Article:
Astronomical property prices are a major gripe in London, but now comes evidence that people really a...
Property developer Crosby Homes and property consultant Knight Frank have jointly produced a survey of the UK buy-to-let market and found that returns last year easily outperformed the stock market.
Top returning city was Bristol, where a typical two-bedroom flat would have returned a net yield of more than 24%.
Birmingham produced a net yield of more than 19%, Manchester more than 18% and Leeds more than 17%.
By comparison, the same type of property in London would have produced a net yield of 13.5%.
The Crosby Homes/ Knight Frank survey blames over-inflated property prices in London coupled with a market more closely linked to the performance of the stock market for the poorer performance.
More companies are also choosing to relocate to cheaper offices in regional hubs, and executives are moving to rent rather than buy to retain more "employment mobility".
There is also a move towards more city-centre living in flats rather than houses, as younger professionals want to be closer to ameneties and are not burdened by children - people are increasingly marrying later.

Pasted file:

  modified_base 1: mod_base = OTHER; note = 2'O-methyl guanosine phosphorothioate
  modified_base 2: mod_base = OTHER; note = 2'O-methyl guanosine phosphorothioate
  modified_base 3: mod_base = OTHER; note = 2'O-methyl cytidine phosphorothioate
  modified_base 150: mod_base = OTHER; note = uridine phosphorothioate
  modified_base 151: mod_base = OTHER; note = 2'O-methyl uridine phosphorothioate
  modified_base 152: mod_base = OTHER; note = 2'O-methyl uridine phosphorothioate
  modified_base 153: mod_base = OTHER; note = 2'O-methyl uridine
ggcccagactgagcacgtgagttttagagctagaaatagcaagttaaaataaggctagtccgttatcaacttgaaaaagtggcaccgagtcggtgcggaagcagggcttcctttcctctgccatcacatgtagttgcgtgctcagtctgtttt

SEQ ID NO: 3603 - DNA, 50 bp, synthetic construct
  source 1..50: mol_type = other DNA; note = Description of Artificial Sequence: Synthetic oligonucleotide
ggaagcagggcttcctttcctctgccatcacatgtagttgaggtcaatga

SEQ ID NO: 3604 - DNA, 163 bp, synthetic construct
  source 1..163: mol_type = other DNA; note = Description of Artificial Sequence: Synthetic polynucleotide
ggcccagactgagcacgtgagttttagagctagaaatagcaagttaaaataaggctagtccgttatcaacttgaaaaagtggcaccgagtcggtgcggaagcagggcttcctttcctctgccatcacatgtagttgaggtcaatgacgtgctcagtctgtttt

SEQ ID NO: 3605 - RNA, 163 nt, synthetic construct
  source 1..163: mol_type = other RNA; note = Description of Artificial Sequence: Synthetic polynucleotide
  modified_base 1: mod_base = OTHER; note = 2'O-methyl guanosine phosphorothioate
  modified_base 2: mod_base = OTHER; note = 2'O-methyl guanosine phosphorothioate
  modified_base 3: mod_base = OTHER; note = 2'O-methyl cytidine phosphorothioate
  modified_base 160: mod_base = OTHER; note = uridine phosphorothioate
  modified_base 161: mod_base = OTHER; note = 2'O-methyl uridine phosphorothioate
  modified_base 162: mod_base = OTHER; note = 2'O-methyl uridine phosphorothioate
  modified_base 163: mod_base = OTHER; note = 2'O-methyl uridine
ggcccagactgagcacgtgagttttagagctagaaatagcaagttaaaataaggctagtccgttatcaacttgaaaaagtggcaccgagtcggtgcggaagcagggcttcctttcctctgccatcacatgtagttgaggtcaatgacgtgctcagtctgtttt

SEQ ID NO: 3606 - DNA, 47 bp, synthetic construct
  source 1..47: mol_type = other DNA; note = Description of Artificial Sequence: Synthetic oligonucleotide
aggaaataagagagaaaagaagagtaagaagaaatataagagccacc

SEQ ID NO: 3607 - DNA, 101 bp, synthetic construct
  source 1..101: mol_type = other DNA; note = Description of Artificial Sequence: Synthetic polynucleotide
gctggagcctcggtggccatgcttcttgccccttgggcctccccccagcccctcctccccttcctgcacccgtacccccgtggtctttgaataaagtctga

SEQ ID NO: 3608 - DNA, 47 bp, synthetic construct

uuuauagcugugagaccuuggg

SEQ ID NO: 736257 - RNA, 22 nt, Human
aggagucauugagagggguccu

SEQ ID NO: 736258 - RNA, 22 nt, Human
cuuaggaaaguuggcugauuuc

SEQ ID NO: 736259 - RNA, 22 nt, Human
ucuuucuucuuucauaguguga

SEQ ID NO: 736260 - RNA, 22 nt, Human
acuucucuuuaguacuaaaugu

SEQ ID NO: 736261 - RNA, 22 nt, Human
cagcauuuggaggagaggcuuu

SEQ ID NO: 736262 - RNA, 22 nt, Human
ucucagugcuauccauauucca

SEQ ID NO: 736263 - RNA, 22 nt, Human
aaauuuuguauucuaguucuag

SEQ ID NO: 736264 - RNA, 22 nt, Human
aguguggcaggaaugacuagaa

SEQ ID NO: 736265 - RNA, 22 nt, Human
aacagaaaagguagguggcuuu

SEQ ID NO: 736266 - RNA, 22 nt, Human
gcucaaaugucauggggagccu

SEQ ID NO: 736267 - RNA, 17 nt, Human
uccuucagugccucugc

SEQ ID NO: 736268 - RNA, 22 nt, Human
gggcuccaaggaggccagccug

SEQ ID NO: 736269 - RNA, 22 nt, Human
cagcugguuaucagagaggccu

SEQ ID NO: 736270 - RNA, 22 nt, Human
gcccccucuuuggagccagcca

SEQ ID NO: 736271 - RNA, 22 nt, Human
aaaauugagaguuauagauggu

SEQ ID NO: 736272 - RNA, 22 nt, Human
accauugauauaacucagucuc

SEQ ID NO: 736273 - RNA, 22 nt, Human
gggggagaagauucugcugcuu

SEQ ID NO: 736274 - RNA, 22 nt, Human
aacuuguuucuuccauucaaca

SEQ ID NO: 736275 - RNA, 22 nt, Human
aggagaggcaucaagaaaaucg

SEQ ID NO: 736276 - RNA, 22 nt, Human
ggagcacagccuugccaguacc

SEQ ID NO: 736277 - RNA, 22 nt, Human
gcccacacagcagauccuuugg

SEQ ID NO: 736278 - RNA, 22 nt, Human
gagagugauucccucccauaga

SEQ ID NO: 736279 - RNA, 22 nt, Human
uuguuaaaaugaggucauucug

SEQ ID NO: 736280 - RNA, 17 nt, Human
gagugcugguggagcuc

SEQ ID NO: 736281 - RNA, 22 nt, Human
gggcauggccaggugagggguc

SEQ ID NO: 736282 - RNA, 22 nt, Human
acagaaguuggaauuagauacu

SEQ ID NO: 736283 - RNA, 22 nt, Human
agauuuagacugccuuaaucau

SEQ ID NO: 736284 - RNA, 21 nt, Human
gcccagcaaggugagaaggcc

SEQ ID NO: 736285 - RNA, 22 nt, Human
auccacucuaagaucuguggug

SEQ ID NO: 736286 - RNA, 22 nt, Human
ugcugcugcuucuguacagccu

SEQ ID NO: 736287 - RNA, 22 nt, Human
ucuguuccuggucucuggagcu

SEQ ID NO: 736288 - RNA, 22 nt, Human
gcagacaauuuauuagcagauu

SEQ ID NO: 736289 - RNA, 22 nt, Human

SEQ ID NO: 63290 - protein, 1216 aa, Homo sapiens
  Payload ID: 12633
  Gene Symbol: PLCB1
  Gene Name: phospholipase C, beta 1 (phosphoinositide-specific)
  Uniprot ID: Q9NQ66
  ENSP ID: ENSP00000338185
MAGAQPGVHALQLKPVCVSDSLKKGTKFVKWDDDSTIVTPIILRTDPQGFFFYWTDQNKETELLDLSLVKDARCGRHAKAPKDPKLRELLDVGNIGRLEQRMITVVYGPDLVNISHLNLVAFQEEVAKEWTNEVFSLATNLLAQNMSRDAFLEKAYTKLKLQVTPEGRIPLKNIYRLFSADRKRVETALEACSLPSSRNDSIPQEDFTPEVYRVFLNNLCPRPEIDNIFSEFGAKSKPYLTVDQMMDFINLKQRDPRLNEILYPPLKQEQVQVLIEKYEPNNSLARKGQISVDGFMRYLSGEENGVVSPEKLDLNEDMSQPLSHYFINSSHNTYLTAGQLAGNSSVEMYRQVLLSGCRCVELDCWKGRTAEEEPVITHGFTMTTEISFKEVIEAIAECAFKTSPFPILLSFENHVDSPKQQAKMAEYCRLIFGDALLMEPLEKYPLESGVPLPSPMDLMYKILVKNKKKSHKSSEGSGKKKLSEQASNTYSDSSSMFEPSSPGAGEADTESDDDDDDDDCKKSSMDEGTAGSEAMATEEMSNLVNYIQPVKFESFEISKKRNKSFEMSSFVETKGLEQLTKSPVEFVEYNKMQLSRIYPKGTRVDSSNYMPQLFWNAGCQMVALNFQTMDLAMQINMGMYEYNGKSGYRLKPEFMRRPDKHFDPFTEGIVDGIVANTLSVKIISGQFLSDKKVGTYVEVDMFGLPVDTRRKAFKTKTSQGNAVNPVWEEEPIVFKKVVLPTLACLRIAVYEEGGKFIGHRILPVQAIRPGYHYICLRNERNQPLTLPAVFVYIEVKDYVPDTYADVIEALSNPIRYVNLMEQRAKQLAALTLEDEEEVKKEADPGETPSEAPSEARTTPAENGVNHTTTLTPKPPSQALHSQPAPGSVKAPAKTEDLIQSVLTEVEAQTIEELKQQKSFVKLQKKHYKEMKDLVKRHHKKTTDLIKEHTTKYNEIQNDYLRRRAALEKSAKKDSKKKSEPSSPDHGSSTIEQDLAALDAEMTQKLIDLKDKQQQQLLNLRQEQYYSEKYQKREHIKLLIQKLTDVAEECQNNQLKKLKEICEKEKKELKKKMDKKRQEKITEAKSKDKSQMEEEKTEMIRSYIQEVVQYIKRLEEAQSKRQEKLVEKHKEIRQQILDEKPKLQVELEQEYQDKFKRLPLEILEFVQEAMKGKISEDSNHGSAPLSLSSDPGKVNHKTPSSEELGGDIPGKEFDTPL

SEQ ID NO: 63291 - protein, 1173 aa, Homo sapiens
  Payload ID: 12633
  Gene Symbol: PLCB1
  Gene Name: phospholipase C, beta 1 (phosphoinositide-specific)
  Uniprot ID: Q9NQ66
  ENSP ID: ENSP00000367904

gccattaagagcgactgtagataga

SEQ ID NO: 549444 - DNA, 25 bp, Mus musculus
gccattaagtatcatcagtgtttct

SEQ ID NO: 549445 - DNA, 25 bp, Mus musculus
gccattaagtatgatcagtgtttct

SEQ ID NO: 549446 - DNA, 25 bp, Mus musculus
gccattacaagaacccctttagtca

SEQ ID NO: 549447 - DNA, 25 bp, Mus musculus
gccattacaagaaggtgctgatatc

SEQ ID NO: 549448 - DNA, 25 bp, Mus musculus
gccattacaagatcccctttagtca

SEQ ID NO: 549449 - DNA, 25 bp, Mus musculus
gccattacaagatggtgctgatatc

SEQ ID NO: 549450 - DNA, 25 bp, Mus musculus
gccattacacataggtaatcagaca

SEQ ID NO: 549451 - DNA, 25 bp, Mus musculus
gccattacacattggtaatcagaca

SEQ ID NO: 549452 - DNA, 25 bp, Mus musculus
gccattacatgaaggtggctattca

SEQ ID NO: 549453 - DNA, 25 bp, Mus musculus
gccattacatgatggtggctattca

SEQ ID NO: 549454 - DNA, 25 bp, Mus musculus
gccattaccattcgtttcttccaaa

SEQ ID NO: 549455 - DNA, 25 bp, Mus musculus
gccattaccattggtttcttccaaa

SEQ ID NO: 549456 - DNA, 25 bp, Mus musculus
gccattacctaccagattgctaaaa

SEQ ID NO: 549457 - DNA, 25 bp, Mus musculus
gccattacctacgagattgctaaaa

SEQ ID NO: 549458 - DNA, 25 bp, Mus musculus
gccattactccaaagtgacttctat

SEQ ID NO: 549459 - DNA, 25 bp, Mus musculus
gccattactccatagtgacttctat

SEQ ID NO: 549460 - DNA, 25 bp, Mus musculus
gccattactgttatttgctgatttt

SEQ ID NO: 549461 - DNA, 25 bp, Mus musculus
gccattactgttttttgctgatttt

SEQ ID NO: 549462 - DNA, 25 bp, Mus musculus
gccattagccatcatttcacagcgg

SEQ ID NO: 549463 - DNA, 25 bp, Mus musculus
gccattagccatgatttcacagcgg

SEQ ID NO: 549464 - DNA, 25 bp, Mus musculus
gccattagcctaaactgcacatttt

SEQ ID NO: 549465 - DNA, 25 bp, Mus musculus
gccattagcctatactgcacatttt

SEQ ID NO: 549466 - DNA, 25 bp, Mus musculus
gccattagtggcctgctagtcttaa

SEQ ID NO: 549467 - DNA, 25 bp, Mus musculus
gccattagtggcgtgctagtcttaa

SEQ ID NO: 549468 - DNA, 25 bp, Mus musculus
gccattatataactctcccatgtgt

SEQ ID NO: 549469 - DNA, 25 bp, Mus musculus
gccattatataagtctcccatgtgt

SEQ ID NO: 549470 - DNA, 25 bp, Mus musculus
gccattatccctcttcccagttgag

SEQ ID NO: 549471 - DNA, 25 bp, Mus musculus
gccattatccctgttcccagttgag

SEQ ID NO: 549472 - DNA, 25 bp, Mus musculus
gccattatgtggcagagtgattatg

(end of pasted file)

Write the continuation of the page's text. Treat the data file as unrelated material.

That leaves a gap between regional inner-city property prices and the rents peple are prepared to pay for the ease of moving in at relatively short notice.
In Manchester, for example, there are just 5,000 city-centre properties of the type surveyed in an employment catchment area of more than 4 million.
The survey shows figures comparing the performance of £100,000 invested in the stock market since 1996 against the same sum invested in regional city-centre property.
The sum would have returned a bit more than £138,000 invested in the FTSE All Share, but would have made more than £252,000 invested in property.
£92bn transferred since 2015
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